Manifesta has announced a collaboration with MVRDV on an interdisciplinary urban study of Marseille and its metropolitan region as the base for the curatorial framework of Manifesta 13. The study will serve as a platform to develop artistic and cultural interventions during the biennial in 2020.
Manifesta successfully introduced architecture and urban studies to the curatorial process of Manifesta 12 in Palermo as visual instruments to understand and unlock the city and to leave a tangible legacy. Manifesta 13 Marseille will consist of an interdisciplinary program of artistic events broadly focused on the areas of art, urban development, contemporary culture, education, theory, research, and mediation. Manifesta 13 Marseille will take place between 7 June and 1 November 2020.
In Marseille, MVRDV and The Why Factory will work closely with students from TU Delft and other universities in Marseille. The pre-biennial research will be an investigation tool for the next Creative Mediators team and an instrument for the citizens of Marseille to co-create and synergise with the biennial at an early stage.
Winy Maas, co-founder MVRDV and Director of The Why Factory:
‘As an urban planner I imagine to highlight, enlarge and manifest the potentials, necessities and beauties of Marseille. The urban study will support all artists, makers and designers involved, to show, inspire and enlarge its role and specificity within the archipelago of European cities. Thus, enlarging Europe’ s cohabitation and strength.’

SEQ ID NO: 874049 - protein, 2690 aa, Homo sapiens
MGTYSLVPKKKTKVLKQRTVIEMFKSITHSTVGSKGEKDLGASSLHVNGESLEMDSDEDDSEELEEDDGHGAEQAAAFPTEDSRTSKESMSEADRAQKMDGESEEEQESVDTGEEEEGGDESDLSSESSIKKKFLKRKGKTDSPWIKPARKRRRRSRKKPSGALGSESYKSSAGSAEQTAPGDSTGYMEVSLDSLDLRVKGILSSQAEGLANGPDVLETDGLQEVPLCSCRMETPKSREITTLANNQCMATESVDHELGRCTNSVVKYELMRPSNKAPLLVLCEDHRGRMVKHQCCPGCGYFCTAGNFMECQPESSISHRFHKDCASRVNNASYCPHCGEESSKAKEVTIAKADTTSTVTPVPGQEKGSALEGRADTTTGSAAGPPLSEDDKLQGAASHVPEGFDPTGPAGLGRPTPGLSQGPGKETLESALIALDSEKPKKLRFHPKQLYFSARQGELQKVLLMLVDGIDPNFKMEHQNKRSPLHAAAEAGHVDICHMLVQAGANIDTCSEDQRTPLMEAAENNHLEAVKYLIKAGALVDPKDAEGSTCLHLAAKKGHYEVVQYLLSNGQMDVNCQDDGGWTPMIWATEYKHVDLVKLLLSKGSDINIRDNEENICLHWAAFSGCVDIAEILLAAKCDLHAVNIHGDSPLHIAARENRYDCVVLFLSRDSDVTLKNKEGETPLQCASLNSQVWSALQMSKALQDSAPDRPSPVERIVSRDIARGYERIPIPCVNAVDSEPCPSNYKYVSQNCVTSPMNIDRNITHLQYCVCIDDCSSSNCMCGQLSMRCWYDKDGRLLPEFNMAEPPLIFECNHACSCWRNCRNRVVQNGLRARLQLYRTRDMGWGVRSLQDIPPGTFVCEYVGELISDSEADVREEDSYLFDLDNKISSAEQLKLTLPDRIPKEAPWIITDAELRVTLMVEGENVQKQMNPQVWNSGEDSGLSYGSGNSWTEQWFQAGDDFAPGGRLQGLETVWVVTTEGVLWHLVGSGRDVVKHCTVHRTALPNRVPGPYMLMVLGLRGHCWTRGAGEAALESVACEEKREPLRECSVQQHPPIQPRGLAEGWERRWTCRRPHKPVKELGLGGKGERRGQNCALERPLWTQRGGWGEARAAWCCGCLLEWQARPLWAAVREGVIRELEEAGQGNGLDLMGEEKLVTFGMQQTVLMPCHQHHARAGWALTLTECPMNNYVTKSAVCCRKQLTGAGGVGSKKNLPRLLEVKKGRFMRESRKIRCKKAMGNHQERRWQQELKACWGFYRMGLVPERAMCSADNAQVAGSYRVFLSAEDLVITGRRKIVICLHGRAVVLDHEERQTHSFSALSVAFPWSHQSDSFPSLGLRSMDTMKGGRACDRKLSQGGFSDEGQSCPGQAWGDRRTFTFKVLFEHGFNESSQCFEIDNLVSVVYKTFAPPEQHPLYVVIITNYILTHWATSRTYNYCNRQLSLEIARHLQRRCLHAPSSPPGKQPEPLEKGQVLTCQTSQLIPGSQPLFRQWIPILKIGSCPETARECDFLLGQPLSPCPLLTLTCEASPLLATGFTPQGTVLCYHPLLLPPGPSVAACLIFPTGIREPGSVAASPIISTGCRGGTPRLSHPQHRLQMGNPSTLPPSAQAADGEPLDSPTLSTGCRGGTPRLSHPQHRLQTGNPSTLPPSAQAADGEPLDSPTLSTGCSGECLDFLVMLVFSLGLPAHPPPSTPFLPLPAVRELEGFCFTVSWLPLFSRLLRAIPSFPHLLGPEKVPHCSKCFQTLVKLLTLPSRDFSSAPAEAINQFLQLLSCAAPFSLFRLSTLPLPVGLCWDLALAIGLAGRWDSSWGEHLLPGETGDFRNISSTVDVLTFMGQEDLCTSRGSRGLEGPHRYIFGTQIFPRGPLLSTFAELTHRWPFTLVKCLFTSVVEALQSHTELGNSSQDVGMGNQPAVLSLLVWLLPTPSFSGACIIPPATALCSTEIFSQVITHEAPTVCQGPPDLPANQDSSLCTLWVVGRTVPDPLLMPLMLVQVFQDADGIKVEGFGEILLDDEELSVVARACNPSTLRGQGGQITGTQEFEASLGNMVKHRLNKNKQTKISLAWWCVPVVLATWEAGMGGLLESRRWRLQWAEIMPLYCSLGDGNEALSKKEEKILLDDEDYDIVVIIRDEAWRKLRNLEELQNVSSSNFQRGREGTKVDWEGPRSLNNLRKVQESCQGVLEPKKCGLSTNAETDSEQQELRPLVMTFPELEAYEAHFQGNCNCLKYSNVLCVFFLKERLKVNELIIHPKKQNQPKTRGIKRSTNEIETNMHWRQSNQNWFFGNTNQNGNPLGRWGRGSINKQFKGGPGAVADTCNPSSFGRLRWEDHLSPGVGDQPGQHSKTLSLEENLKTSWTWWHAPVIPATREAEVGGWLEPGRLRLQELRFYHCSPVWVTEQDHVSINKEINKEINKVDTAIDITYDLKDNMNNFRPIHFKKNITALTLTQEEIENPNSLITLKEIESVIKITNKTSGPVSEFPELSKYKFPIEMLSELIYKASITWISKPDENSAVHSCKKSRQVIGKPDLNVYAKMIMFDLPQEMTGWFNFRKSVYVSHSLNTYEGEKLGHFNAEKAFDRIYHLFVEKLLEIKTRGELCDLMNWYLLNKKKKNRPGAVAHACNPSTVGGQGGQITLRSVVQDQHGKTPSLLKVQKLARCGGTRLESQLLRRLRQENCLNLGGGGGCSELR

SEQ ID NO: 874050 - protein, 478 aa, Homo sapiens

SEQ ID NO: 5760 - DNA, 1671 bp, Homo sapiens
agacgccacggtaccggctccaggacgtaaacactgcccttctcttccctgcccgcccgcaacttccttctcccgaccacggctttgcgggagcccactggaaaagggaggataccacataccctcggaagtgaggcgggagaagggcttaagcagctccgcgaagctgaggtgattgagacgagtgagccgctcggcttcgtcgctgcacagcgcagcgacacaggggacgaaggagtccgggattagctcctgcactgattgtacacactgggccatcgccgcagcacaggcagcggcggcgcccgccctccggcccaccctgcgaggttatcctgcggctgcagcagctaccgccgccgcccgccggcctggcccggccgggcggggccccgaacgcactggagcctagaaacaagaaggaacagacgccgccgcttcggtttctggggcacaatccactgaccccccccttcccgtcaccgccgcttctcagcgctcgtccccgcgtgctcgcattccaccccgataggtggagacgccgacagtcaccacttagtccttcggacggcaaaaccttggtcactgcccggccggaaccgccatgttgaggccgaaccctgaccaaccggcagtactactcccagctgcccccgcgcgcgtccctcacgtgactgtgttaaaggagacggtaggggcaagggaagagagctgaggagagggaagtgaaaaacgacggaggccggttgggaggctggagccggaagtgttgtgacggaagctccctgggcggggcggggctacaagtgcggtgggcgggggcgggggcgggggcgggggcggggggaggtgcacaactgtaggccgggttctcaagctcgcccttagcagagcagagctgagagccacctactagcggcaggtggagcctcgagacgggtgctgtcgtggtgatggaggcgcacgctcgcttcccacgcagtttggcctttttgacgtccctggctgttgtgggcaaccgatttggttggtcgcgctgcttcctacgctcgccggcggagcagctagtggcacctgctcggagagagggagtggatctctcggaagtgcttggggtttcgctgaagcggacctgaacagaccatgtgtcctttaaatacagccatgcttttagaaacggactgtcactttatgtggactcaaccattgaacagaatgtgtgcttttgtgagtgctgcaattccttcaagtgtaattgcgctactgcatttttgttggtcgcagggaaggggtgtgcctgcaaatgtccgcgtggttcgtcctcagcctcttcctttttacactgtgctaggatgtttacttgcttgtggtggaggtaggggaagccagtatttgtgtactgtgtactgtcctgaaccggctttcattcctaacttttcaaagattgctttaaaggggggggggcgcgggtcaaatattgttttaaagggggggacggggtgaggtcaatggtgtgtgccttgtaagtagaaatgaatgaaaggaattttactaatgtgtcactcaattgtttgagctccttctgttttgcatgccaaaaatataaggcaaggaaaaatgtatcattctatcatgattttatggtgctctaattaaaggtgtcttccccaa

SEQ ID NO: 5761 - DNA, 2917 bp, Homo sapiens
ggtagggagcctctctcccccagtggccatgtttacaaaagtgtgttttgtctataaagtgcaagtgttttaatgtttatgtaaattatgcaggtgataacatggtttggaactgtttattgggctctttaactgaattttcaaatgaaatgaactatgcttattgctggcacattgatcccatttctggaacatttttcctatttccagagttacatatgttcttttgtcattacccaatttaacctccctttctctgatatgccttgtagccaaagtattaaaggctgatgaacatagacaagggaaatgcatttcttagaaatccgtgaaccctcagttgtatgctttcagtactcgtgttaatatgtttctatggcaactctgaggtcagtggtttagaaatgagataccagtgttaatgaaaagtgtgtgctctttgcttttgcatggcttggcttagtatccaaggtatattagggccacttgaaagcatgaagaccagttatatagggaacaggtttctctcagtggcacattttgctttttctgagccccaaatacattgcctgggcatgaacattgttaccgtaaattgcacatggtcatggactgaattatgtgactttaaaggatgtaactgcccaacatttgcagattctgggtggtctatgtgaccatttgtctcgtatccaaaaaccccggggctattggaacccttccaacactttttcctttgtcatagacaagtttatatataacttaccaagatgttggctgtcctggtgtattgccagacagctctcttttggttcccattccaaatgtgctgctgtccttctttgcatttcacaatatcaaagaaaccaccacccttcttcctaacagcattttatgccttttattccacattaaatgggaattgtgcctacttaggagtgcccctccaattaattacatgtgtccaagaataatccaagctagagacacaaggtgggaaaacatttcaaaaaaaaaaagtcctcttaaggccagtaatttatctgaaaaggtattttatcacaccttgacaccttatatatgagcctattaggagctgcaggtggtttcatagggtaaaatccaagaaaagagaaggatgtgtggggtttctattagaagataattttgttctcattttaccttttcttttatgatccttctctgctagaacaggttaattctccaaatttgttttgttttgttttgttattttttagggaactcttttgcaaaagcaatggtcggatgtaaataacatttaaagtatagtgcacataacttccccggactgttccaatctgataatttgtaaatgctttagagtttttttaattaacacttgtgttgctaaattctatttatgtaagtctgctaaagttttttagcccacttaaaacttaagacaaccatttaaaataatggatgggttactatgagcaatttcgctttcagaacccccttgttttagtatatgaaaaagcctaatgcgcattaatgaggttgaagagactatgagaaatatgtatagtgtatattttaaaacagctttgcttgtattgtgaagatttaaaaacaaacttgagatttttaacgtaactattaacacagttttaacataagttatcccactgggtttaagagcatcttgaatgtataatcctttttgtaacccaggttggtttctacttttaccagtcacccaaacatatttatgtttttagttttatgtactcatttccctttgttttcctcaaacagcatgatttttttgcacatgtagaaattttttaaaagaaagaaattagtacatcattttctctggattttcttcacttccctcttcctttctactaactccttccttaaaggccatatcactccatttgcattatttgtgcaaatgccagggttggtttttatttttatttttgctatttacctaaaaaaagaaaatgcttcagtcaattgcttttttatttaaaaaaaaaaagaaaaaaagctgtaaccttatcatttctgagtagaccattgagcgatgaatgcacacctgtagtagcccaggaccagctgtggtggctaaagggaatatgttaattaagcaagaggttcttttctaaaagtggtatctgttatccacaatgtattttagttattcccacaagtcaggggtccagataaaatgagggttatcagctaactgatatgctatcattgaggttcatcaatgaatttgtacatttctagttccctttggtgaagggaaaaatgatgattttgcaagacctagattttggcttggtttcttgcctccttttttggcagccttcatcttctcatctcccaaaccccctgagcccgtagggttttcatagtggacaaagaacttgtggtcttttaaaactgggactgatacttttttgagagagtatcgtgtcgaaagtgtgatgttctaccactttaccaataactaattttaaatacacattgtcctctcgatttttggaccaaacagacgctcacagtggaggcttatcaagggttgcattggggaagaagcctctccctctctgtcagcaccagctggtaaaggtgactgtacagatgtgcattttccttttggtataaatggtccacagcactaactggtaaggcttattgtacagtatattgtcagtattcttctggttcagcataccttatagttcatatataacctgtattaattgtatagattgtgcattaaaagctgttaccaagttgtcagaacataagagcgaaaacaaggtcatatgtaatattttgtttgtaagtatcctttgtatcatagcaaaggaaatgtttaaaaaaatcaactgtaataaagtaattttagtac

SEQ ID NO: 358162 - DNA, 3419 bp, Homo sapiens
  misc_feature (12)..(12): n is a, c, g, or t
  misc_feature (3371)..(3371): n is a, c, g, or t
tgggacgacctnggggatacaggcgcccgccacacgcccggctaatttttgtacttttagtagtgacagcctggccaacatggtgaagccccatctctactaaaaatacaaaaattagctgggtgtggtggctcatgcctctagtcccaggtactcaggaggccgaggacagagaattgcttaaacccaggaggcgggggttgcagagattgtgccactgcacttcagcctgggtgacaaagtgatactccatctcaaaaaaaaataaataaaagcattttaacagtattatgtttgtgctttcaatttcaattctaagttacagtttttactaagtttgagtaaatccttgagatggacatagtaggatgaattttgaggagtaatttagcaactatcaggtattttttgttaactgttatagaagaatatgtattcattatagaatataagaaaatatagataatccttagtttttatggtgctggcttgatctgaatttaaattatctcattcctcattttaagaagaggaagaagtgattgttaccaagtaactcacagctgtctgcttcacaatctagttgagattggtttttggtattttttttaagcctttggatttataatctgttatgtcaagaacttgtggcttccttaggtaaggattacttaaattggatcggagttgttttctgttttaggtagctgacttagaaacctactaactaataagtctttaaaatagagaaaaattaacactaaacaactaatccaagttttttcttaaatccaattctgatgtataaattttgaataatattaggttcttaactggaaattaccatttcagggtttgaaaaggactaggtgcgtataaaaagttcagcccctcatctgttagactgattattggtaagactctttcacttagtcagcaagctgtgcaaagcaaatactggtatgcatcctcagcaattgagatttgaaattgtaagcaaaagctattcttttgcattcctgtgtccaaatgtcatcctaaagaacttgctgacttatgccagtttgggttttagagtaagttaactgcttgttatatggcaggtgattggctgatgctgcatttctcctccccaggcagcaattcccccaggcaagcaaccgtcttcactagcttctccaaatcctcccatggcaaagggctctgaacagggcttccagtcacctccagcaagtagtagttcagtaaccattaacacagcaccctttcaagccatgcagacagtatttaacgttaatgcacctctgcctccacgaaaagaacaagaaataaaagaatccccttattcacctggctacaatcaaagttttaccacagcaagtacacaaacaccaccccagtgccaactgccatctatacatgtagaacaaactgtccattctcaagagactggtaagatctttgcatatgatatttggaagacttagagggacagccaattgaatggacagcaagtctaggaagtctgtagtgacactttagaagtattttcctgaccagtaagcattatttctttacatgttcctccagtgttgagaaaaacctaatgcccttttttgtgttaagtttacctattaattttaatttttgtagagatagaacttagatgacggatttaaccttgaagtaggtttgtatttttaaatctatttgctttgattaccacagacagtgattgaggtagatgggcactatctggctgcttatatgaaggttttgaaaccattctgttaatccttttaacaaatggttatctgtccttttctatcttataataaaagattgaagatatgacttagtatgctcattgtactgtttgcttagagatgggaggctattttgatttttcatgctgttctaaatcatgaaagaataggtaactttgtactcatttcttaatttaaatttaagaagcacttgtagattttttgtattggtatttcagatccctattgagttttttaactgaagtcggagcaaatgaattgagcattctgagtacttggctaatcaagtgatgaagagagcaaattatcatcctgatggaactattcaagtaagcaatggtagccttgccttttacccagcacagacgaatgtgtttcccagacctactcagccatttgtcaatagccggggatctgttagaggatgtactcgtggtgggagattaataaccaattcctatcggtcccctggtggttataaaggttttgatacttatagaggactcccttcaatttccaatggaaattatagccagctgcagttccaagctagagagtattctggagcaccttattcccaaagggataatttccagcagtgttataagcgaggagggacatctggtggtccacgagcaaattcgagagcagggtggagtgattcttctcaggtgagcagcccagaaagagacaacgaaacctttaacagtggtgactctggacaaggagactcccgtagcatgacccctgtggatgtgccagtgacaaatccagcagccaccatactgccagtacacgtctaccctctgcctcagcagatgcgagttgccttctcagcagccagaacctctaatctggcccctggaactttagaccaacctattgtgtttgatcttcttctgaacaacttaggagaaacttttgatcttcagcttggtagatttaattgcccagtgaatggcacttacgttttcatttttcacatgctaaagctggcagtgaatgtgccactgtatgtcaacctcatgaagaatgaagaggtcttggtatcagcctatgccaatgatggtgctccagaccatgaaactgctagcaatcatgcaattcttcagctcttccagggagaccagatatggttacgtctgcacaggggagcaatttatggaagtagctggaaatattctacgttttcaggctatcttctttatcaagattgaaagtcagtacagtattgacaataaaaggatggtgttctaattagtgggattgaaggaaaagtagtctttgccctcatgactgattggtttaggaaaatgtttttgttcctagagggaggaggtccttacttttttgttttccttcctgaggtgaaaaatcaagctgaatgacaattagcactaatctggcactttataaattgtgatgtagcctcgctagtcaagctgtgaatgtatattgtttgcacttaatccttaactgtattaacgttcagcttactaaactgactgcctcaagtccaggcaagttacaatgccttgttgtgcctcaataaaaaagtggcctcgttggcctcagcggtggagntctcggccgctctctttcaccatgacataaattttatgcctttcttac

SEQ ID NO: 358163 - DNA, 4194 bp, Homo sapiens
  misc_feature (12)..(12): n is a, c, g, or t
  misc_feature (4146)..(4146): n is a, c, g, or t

Hedwig Fijen, Manifesta Director:
‘With the appointment of Dutch office MVRDV as partners in the research process for M13 in Marseille, we hope to get a better understanding of how to implement the biennial in a more inclusive way into the tissues of the host city, considering ways of working such as co-creation, co-production and collaboration with local universities and associations. We believe that by commissioning an architectural office to develop an urban research project anticipating the biennial, Manifesta reaches beyond specific art communities to facilitate a new social commons, and allows commissioned artists, thinkers and curators to operate both within a framework and with freedom of experiment.’